Your most significant risk in taking a 401K loan is that if you leave your job with an unpaid loan, you must either pay the loan in full immediately. If not, you will be back to a taxable withdrawal and the potential 10 percent tax penalty. If you do pay the loan, you can roll over your entire 401K balance into another tax-advantaged account, avoiding the 10 percent penalty.

Use One of the Emergency Exceptions

The IRS permits hardship withdrawals if the withdrawals:

  • is due to an immediate and heavy financial need
  • is necessary to meet the need (i.e., you have no other way to meet it)
  • does not exceed the amount needed

The “need” may include the needs of a non-spouse, non-dependent 401K beneficiary. The withdrawal will be taxed and probably incur the penalty as well, unless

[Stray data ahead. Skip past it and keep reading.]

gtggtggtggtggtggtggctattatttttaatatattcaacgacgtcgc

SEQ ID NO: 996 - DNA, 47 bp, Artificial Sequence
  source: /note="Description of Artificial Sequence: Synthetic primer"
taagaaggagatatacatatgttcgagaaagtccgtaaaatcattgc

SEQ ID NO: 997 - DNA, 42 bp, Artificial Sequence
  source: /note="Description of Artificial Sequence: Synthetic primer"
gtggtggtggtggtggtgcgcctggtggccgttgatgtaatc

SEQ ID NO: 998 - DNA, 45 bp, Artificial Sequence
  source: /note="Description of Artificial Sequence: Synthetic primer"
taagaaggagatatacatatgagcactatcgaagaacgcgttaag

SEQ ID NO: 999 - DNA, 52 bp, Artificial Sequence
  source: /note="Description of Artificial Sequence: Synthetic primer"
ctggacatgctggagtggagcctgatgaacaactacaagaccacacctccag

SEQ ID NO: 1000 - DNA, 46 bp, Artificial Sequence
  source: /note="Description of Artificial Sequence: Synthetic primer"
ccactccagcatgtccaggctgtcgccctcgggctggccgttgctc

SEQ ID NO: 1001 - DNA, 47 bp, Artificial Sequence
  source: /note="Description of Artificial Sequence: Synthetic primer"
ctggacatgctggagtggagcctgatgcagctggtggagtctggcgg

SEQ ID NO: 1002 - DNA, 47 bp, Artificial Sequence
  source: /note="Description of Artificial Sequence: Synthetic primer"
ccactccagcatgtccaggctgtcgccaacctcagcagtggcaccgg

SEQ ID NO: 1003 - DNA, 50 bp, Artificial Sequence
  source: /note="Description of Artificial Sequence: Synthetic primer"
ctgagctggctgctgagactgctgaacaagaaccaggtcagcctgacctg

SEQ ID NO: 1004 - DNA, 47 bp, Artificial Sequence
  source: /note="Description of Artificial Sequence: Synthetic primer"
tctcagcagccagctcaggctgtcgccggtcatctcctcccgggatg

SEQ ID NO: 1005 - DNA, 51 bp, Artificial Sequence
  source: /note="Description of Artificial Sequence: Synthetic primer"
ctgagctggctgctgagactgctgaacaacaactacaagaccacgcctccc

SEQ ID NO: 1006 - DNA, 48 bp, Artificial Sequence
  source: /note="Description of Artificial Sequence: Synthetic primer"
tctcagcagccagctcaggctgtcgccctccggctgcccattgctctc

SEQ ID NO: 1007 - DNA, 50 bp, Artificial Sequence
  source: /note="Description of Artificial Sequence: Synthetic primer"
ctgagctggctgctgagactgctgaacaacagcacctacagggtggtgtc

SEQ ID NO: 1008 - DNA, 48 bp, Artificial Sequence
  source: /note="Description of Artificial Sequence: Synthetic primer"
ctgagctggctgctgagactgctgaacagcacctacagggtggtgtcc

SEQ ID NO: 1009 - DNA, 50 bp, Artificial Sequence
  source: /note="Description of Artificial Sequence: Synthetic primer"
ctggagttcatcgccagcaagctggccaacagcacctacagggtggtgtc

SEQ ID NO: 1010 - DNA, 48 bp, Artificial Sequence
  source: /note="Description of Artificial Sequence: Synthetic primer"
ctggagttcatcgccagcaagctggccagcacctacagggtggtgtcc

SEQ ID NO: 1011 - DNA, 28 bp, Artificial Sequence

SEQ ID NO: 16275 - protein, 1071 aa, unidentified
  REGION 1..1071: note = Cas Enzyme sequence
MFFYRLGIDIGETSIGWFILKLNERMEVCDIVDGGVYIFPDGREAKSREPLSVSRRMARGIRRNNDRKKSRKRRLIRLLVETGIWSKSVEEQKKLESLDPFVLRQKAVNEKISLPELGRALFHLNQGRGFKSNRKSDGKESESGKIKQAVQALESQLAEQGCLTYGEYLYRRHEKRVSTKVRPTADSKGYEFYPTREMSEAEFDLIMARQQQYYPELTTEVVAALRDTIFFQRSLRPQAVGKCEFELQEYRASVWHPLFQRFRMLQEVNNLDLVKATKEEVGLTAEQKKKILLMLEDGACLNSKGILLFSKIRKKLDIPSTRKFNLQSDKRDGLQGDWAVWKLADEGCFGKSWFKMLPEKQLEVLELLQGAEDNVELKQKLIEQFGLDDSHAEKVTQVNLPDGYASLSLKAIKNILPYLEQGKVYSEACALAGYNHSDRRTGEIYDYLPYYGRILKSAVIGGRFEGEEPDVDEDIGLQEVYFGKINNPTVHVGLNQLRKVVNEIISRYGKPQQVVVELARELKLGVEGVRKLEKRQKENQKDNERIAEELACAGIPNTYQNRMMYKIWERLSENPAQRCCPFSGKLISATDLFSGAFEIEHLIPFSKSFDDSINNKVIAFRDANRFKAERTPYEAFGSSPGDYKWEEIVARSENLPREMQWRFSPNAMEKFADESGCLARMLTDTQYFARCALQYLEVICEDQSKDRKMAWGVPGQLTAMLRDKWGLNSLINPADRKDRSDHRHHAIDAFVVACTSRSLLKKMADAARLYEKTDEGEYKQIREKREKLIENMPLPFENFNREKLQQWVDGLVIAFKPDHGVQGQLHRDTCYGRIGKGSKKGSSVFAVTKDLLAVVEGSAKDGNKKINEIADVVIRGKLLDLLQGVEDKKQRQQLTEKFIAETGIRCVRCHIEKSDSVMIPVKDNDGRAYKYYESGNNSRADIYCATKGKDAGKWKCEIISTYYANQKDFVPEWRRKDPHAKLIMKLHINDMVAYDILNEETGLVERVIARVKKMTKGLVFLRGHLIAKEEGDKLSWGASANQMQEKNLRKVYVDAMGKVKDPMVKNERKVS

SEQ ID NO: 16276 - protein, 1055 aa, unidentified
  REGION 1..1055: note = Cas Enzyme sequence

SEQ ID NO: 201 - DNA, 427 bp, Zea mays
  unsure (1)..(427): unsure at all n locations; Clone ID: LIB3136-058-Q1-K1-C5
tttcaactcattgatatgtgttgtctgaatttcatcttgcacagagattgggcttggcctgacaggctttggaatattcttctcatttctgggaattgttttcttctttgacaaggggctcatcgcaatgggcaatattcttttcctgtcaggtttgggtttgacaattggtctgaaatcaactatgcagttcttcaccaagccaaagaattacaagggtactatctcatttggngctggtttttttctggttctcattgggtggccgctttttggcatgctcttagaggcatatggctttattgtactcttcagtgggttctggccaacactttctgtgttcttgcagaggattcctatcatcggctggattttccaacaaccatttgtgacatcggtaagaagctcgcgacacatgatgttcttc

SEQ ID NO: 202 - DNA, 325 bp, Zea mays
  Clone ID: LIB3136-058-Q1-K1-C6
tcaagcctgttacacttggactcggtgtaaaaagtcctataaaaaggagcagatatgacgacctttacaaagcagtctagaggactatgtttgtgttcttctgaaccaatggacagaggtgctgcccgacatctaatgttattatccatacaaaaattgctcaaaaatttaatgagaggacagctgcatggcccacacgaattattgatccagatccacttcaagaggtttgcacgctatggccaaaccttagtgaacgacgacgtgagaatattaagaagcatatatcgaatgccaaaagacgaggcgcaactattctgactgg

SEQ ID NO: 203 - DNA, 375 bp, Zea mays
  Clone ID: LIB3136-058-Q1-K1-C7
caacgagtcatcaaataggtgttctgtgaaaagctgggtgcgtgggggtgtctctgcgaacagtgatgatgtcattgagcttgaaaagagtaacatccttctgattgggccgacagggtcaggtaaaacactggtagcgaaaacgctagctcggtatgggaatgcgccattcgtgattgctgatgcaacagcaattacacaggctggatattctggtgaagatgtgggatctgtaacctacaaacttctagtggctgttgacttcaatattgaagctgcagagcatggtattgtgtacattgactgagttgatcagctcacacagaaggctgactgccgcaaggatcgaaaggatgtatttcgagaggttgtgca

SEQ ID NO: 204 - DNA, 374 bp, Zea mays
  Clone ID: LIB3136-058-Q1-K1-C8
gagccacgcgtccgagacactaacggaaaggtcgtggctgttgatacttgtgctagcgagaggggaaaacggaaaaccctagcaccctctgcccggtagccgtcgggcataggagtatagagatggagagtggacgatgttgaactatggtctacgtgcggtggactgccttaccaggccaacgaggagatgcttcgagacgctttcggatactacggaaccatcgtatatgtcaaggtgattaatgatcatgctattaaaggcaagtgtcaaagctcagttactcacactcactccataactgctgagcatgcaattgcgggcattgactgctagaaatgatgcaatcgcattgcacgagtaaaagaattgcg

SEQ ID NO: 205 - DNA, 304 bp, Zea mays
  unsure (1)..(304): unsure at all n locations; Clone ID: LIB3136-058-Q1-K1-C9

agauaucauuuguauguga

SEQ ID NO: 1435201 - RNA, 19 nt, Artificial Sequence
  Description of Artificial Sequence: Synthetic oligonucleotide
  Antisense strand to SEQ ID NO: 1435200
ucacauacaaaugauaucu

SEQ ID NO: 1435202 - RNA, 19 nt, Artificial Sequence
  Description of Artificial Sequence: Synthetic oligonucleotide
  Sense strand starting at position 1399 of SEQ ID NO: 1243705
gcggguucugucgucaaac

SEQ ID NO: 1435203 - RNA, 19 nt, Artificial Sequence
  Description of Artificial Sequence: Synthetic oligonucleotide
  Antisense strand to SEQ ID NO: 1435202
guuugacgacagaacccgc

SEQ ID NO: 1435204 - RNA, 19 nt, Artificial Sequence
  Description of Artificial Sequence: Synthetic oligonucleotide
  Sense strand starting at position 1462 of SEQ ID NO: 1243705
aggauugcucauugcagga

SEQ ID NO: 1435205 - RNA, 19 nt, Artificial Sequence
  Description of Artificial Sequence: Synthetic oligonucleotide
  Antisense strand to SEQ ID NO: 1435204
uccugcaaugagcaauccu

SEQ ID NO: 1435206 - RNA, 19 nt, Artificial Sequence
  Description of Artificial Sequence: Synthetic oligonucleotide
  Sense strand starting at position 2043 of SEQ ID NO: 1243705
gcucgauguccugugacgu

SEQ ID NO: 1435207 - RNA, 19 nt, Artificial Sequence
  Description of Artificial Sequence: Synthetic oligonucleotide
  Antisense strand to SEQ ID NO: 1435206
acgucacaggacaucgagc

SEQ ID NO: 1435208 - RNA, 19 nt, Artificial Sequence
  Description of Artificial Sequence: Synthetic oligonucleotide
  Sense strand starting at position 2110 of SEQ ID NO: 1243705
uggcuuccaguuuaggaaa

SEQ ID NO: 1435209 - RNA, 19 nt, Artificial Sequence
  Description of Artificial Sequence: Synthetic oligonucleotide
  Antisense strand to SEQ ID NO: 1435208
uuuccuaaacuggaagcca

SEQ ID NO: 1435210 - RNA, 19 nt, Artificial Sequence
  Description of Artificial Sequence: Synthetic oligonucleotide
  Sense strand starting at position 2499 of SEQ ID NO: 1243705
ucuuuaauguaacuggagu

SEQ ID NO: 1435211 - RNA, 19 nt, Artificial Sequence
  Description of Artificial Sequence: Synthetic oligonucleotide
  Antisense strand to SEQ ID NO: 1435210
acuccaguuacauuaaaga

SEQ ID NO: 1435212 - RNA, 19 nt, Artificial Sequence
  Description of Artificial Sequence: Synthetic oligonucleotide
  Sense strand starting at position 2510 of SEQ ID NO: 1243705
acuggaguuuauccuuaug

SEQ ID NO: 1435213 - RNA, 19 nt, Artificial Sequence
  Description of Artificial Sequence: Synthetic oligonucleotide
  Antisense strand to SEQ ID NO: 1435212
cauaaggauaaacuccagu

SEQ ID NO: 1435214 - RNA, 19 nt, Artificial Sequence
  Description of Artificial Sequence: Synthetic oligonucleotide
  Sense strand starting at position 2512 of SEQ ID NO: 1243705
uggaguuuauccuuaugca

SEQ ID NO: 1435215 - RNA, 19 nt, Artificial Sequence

• you are disabled
  • you are paying a medical debt that exceeds 10 percent of your adjusted gross income
  • you are required by an enforceable court order to distribute money to a divorced spouse, child, or other dependent.

The expenses that will generally qualify include:

  • Specified medical expenses
  • Costs relating to buying a principal residence
  • Payments to prevent eviction or foreclosure
  • Tuition and certain related educational costs
  • Burial or funeral expenses
  • Certain repairs to the employee’s residence

Generally, if you would otherwise be subject to the 10 percent penalty, you will have to pay it for these. However, if you also have an IRA, you can take a penalty-free withdrawal from that account for:

  • Higher education
  • Qualified first-time homebuyers for up to $10,000
  • Any medical expenses for which you did not receive reimbursement that exceed 10 percent of your Form 1040 adjusted gross income